In fact, when the authors list their final assumption—that there will be a market for the products of the proposed plant—there is no footnote at all giving a source.
To be fair, Shell does have one thing going for it that competitors like Dow, Chevron, and ExxonMobile don’t—Pennsylvania is providing them the largest tax subsidy in the state’s history, worth as much as $1.65 billion. This expenditure, along with the very real costs of the additional pollution including direct medical expenses, lost work, and environmental damage, don’t appear on the other side of the ledger when Shell makes its lofty claims.
The problem for Shell—and the rest of us—is that these negative externalities are very real, and very costly. Negative externalities are industry-created costs that are incurred by society rather than the industry at fault, things such as air and water pollution, increased sickness and public health burdens, and contributing to a climate crisis that is already at a tipping point worldwide.
Beaver County residents don’t have to look far for a blatant example of a negative externality: in September 2018, the Revolution Pipeline exploded in Center Township, leveling one home, killing several animals, and destroying six high-voltage electricity transmission towers, among other damages. Another negative externality is the taxpayer money being spent by state and federal officials on an investigation into Shell’s Falcon pipeline, which will carry up to 107,000 barrels of ethane to the cracker plant daily.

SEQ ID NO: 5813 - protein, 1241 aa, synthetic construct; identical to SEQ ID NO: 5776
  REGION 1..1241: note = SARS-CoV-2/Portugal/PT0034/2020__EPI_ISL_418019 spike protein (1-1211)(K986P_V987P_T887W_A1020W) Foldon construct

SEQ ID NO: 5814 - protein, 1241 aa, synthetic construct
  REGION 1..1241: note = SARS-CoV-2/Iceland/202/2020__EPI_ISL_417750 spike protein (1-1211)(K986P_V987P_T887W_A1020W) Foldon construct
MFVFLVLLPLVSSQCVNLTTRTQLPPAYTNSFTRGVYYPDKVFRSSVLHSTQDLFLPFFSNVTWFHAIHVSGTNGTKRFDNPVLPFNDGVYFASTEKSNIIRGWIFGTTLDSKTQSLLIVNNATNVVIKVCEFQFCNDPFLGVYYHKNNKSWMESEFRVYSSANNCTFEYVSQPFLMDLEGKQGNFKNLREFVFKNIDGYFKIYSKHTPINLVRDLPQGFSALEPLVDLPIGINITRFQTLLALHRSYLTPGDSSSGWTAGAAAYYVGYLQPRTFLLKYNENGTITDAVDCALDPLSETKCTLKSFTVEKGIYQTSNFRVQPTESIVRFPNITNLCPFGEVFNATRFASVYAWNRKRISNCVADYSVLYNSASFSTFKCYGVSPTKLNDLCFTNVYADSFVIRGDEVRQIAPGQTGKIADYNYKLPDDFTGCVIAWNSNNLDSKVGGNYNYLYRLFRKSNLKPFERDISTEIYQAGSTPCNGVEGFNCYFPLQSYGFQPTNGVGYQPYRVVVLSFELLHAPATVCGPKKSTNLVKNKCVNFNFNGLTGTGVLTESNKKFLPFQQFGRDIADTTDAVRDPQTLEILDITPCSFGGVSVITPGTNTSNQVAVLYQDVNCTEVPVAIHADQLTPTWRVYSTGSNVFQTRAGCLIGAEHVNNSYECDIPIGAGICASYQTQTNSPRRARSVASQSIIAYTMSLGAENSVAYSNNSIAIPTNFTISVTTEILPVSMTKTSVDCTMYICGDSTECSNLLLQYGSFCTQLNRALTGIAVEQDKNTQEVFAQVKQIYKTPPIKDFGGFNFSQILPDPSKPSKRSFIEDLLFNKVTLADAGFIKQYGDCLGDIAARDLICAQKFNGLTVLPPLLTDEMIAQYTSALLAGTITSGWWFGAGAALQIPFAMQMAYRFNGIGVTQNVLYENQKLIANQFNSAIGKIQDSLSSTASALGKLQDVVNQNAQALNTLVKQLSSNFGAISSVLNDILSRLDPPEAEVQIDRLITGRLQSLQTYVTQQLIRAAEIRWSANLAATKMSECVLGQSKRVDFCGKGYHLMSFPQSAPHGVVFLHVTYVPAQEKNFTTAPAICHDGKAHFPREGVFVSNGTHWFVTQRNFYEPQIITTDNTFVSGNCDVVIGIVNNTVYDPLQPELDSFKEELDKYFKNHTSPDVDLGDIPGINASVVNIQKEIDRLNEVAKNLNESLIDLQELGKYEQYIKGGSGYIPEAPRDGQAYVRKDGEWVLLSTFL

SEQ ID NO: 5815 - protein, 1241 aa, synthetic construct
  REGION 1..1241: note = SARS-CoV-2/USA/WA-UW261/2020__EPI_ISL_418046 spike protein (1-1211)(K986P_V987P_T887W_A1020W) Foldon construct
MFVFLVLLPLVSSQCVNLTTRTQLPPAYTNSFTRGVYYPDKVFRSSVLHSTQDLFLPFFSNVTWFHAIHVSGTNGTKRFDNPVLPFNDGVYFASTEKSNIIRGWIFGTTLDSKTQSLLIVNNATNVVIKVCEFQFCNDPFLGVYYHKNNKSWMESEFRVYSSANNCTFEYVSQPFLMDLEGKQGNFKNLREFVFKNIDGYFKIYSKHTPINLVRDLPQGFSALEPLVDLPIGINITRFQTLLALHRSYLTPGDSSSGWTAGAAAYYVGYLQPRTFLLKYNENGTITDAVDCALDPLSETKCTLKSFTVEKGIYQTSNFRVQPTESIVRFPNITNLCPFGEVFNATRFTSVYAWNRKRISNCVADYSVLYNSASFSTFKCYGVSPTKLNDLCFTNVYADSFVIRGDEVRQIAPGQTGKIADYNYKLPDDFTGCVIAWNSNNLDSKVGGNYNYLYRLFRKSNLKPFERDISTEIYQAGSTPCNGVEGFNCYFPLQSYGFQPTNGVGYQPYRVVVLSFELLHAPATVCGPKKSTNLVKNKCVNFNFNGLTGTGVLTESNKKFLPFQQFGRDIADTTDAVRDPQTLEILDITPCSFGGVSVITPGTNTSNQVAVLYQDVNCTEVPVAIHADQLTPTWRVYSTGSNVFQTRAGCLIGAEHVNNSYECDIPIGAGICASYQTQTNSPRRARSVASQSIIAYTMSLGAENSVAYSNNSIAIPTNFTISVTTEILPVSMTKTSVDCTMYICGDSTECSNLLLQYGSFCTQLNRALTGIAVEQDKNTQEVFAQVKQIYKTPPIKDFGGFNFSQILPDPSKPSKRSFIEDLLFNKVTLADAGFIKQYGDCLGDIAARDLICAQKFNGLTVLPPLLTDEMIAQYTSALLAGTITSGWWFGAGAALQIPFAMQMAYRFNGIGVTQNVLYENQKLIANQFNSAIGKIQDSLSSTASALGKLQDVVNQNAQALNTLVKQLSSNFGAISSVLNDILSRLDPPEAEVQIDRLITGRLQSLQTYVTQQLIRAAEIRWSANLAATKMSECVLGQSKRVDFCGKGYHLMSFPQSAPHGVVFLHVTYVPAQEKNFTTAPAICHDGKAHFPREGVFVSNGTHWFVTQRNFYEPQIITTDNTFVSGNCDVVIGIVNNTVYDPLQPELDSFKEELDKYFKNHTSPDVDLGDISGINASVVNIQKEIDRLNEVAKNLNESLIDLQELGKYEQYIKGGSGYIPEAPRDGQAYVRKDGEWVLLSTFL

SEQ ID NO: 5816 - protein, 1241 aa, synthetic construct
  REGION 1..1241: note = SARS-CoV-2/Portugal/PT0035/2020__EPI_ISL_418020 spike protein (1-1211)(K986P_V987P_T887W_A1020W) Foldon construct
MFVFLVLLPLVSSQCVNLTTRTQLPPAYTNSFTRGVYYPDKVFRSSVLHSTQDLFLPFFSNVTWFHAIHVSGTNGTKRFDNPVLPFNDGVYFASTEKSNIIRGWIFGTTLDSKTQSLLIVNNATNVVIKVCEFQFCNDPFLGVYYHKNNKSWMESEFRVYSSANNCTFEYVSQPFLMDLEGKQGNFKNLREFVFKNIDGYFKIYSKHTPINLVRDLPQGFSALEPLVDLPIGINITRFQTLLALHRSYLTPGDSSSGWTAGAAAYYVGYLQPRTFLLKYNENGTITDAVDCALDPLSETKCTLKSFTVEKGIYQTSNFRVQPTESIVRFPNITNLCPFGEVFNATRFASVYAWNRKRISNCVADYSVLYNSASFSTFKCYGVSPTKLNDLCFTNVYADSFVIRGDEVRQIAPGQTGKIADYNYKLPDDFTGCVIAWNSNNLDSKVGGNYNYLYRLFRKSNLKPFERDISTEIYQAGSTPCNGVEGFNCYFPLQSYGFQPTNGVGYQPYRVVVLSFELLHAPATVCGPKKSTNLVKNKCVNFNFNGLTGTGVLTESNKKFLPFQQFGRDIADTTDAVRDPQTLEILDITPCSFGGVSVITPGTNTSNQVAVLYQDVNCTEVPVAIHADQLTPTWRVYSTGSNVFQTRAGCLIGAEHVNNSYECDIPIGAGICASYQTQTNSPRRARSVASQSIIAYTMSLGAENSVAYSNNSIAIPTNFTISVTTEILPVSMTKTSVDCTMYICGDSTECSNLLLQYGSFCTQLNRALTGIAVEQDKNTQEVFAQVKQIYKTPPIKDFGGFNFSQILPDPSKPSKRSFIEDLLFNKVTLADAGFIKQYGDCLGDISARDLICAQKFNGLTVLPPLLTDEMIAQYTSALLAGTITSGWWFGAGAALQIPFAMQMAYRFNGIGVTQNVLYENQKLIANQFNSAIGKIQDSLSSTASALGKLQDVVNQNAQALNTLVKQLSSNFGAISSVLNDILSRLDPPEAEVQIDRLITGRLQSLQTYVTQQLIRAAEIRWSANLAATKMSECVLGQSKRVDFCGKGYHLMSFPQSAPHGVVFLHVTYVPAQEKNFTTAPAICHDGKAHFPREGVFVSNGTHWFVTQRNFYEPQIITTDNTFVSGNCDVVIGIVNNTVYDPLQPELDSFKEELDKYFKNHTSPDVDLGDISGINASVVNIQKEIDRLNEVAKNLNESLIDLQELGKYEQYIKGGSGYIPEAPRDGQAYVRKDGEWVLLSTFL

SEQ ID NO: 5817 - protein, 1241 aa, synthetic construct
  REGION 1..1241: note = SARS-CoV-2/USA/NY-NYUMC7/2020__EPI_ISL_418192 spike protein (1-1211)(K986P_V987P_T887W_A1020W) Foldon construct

In a report issued earlier this year regarding fossil fuel subsidies, PennFuture predicted at least $400 million in negative externalities in air pollution associated with Shell’s plant alone, a number that did not factor in plastics pollution in nearby rivers and waterbodies. Considering the Shell plant will produce up to 1.6 million tons of plastic per year, the real cost of these negative externalities is likely much higher.
It’s one thing for a company to commission a study about itself, and then use the results of that study in its massive public relations efforts. It’s another thing entirely for any entity —be it academic, media, industry or otherwise—to study or publicize economic impacts without factoring in every negative externality that comes with a warming planet and changing climate. Any results of such a study should be rendered null and void.
Instead, media outlets ran with the story, with some of them failing to mention that Shell paid for the study, let alone that the study did not factor in these negative externalities.
These kinds of studies serve one purpose, and one purpose only: to shift the narrative away from pollution, sickness and taxpayer subsidies, to one of economic impact, jobs and revitalization. It’s an integral part of the industry's public relations machine that seeks to convince the public that America needs fossil fuels and extractive industry for prosperity.
It’s time we call this what it is: propaganda.